Musculoskeletal and rheumatic complaints account
for approximately 15% of the patients seen by primary care physicians.
These complaints include muscle pain and weakness, regional pain
syndrome such as back or neck pain, rheumatoid arthritis, gout,
ankylosing spondylitis and lupus erythematosus among others.
Rheumatologists are specialists in the diagnosis and management of
musculoskeletal disorders having completed three years of training in
the broad field of internal medicine and a two year fellowship in
Rheumatoid arthritis is a systemic disorder
characterized by female predominance. It is persistent, symmetric and
may be associated with systemic features such as fatigue, weight loss
and anemia. 70 - 80% of patients with rheumatoid arthritis are positive
with rheumatoid factor (an antibody against IgM). Most patients also
have an elevated sedimentation rate.
Medications are useful in managing inflammation
associated with rheumatoid arthritis. The first compounds employed are
either salicylates or other nonsteroidal anti-inflammatory drugs. These
medications exert their anti-inflammatory action by modifying
prostaglandin metabolism. They are used as initial therapies. All
share common toxicities including stomach upset, liver function
abnormality, renal dysfunction and fluid retention. About 1 - 2% of
people who take aspirin or other nonsteroidal anti-inflammatory drugs
may have peptic ulceration.
In those patients who cannot be managed with
aspirin or other nonsteroidal anti-inflammatory drugs, medications such
as golden injections, Plaquenil, penicillamine and Methotrexate are
employed in an attempt to modify the course of the disease.
Gold is a remittive agent that can prevent disease
progression. It is generally given by injection but can be taken
orally. It has some common toxicities including skin and mucous
membrane problems. About 1% of patients get kidney or blood problems
related to gold injections and/or oral ingestion.
Careful monitoring of gold therapy is very
important in patients with rheumatoid arthritis. During the duration of
the therapy complete blood counts, platelet counts and urinalyses must
be done at the time of each injection. After a prolonged period of time
without toxicity monitoring may be done every other injection. If
severe blood reactions and/or kidney problems develop then medication
should be discontinued.
Plaquenil or hydroxychloroquine is an anti-malarial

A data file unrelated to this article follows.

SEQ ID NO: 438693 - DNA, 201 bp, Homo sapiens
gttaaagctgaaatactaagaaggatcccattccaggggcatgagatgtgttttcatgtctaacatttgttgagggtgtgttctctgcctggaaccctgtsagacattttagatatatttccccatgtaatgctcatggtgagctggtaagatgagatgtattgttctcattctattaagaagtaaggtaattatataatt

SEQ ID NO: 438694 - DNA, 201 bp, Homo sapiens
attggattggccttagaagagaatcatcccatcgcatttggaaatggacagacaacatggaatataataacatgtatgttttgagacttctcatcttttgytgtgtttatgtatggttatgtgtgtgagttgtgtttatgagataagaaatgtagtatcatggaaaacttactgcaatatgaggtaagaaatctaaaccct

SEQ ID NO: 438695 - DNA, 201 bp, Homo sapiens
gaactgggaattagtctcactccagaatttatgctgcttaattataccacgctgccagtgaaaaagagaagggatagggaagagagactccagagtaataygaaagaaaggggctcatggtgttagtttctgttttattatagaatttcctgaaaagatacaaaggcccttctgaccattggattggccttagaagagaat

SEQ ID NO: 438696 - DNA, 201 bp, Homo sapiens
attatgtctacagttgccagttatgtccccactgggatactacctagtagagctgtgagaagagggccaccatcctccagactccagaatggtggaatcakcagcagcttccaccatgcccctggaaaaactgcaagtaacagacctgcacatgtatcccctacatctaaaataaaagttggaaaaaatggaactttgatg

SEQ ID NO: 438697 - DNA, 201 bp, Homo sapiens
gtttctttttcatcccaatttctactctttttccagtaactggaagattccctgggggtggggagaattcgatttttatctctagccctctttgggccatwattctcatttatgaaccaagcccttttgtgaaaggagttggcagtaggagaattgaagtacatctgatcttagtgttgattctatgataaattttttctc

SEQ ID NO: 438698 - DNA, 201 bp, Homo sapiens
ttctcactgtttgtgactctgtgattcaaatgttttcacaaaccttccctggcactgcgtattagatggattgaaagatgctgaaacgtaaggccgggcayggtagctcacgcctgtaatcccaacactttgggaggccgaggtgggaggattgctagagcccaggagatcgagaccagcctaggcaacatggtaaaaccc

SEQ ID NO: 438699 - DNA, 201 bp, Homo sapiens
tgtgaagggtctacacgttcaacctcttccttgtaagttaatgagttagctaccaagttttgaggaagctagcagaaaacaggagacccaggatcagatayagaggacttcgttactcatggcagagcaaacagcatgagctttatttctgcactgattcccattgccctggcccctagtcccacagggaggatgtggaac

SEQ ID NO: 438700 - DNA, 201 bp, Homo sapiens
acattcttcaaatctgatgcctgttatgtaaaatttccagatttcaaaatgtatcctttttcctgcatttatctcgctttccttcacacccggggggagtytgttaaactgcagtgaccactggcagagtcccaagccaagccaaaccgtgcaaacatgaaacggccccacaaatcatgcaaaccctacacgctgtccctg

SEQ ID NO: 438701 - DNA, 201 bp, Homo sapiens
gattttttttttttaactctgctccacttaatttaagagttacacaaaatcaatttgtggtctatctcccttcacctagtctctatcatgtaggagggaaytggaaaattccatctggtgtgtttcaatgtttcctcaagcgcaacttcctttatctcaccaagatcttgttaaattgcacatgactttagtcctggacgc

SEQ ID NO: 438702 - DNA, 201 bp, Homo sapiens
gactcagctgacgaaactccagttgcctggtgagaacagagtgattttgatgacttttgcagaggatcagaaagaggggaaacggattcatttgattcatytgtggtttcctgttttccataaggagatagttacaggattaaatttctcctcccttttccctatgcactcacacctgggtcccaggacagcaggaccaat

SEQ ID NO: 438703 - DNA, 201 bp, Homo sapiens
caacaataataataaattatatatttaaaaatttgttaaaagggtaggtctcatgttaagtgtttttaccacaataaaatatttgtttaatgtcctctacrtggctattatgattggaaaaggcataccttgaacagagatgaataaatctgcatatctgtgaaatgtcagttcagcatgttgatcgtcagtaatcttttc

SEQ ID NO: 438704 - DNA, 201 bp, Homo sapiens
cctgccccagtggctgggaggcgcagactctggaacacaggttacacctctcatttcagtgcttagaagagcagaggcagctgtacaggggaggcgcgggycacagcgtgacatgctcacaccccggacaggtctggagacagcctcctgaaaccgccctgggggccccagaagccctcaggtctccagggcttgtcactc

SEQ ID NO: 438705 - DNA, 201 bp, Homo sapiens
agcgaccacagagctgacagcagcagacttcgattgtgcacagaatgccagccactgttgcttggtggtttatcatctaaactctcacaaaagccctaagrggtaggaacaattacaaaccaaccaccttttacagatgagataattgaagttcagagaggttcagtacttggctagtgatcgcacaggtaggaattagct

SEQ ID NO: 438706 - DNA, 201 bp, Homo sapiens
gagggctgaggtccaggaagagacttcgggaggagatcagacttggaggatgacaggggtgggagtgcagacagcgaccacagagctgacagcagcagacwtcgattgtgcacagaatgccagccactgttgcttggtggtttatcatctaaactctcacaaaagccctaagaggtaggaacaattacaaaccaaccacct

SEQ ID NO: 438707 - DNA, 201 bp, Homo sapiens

agent with anti-inflammatory properties in rheumatoid arthritis. Like
gold it is used in those patients who fail to respond to a conservative
regimen including rest, salicylates and/or other nonsteroidal anti-
inflammatory drugs. These are given orally. Ophthalmologic monitoring
is necessary to check for visual loss at an early reversible stage.
Patients should be seen by their eye doctors a minimum of once a year.
This therapy should be discontinued if any eye problems are related to
Penicillamine has been shown in controlled studies
to be effective in reducing inflammatory arthritis such as rheumatoid
arthritis. It is given orally. Like gold it may be associated with a
variety of problems including skin and mucous membrane problems, blood
disorders and/or kidney problems. It must be carefully monitored.
Complete blood counts, platelet counts and urinalyses should be done
monthly for the first six months of therapy and every other month
thereafter. Laboratory data is essential to permit early detection of
problems with the blood and/or kidneys.
Corticosteroids are among the most potent of the
anti-inflammatory agents. However they have a high incidence of
toxicity and may not change the course of rheumatoid arthritis. They
should only be used in patients with activie synovitis in many joints.
These medications are useful in incapacitating constitutional symptoms
such as fever, anemia, wieght loss, neuropathy and vasculitis (blood
Prednisone is the preferred agent because of its
cost and low potential for fluid retention. Tablets are available in 1
mg and 5 mg dosages. All patients should be educated about the side
effects of corticosteroids. Informed consent is most inportant in their
Methotrexate is a new usage of a very old
medication. In general it is given by "modified pulse" with 3 to 9
tablets administered weekly. Methotrexate should only be given by those
physicians who are knowledgeable and experienced in its usage. The use
of Methotrexate involves periodic monitoring for toxicity. Monitoring
should include complete blood counts with differential and platelet
counts. It should also involve liver and renal function tests.
Patients who are at increased risk for impaired Methotrexate elimination
(i.e., patients with kidney problems) should be monitored more
Methotrexate may be associated with a variety of
problems including liver toxicity, lung problems, mouth ulcers, stomach
pain, etc. Liver biopsies may be necessary if there is a question about
the degree of Methotrexate liver toxicity and continuation of this drug.
Rheumatoid arthritis is a manageable disorder is
patients who are treated by rheumatologists and/or experienced internal
medicine physicians. With proper education, exercise and medications
many patients may expect to lead fairly normal lives. The goals of
treatment are to maintain joint function and to prevent deformity.
Medications are available for this purpose. However, they must be used
by physicians who are knowledgeable about their use and employ the
proper monitoring techniques.
Physicians who use these medications in patients
with rheumatoid arthritis must be aware of the strong possibility of
serious side effects. All the ramifications of treatment should be
duscussed with the patient prior to initiation of these medications.
Patients using these medications should be under constant physician
* This article is presented and copyrighted by The 'Lectric Law Library
and Dr. Steven E. Lerner & Associates (www.drlerner.com)